fbpx
Connect with us

Yesterday in La Crosse

Why do you think they called daytime dramas “soaps”?

Brad Williams

Published

on

Five-day-a-week soap operas were introduced on radio in the 1930’s, and then moved to television.  An episode only lasted 15 minutes, until April of 1956.  That’s when a pair of half-hour dramas debuted the day after Easter on CBS: “As the World Turns” and “The Edge of Night.” For years, the opening of “Edge” showed darkness falling on the skyline of a big city.  It was actually the skyline of Cincinnati, the home of sponsor Procter and Gamble, the makers of Ivory soap.  Why do you think they called them “soaps”?  

Another April, 1963, saw the premiere of what is now America’s longest running daytime soap, “General Hospital.”  The shows are usually set in fictional towns with names like Port Charles, and Llanview.  Or in the real town of Genoa City, Wisconsin, near the Illinois border, home of “The Young and the Restless.” 

You can count America’s remaining daytime soaps on one hand. As of 2021, the networks show “Young and the Restless,” “The Bold and the Beautiful,” “General Hospital,” and “Days of Our Lives.” But like Barnabas Collins, the leading vampire on “Dark Shadows,” you never know when they may rise again.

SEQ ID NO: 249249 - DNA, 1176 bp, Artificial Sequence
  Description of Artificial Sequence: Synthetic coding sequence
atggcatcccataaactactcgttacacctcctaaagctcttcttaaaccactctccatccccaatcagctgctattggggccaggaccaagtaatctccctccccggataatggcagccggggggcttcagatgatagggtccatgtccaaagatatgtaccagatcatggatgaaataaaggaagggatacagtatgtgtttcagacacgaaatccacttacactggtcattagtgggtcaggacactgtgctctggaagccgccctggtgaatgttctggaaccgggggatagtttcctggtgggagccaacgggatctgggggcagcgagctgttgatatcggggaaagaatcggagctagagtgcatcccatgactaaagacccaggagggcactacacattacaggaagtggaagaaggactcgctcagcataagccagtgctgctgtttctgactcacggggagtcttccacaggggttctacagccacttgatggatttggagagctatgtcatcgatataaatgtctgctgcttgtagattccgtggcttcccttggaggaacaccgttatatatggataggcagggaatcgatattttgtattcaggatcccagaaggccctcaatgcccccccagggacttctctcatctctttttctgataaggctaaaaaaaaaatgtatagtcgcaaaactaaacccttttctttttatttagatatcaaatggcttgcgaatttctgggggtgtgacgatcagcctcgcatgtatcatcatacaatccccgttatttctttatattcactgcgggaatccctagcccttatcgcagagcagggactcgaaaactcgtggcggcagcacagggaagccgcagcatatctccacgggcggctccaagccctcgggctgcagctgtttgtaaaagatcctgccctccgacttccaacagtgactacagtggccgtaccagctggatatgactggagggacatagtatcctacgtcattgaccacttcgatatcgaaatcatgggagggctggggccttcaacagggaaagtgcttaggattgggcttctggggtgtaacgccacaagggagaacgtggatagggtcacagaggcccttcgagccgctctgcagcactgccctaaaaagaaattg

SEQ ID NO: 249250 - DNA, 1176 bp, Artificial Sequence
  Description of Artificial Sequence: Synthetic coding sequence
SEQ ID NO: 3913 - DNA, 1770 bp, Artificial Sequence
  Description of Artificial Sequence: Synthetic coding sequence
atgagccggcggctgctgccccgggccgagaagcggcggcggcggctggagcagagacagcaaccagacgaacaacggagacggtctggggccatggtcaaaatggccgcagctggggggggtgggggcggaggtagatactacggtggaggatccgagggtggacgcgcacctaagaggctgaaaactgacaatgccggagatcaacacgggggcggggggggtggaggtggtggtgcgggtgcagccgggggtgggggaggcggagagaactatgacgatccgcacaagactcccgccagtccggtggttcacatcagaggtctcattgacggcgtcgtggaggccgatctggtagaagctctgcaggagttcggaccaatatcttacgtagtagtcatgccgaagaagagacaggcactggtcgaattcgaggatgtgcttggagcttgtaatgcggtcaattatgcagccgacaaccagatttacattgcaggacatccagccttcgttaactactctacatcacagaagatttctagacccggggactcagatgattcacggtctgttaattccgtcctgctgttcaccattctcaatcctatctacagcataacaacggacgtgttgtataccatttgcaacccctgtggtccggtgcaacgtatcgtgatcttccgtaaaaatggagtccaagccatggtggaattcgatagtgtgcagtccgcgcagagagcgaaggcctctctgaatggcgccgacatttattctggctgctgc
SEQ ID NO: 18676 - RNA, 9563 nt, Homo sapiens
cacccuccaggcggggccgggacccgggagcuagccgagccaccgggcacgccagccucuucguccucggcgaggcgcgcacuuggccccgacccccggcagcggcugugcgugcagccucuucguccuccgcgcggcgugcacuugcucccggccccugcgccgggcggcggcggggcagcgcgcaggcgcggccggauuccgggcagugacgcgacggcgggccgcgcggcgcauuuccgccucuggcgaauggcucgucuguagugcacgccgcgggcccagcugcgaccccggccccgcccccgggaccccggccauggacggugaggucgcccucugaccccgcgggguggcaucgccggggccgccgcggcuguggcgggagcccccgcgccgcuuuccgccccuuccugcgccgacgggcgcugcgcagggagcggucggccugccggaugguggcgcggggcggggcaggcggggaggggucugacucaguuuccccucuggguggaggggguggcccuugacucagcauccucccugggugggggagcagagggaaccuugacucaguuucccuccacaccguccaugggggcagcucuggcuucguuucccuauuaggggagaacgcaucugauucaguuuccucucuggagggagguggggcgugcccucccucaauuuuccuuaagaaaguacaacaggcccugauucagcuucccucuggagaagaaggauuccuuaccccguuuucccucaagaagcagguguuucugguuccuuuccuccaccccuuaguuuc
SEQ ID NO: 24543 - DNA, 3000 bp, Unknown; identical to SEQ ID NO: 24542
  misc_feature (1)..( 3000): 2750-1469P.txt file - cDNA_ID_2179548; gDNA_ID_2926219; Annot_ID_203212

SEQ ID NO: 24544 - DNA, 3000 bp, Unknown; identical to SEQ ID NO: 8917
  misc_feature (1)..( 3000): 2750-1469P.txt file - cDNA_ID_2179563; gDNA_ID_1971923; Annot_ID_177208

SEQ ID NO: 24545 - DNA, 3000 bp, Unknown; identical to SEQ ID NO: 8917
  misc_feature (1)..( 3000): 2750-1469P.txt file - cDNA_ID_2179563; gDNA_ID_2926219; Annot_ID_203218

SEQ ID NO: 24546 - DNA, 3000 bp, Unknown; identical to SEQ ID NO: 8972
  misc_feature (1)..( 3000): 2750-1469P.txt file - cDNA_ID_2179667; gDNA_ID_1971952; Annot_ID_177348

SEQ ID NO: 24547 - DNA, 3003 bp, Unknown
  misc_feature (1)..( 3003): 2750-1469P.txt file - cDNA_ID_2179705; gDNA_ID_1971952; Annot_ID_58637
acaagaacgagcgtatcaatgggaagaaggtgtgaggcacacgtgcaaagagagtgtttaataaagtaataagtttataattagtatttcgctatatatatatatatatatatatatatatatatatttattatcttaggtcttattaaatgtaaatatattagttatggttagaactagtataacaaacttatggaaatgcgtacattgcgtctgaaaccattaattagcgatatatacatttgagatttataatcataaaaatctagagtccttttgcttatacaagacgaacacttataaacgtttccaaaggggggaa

A native of Prairie du Chien, Brad graduated from UW - La Crosse and has worked in radio news for more than 30 years, mostly in the La Crosse area. He regularly covers local courts and city and county government. Brad produces the features "Yesterday in La Crosse" and "What's Buried on Brad's Desk." He also writes the website "Triviazoids," which finds odd connections between events that happen on a certain date, and he writes and performs with the local comedy group Heart of La Crosse. Brad been featured on several national TV programs because of his memory skills.

Continue Reading
Click to comment

Leave a Reply

Your email address will not be published. Required fields are marked *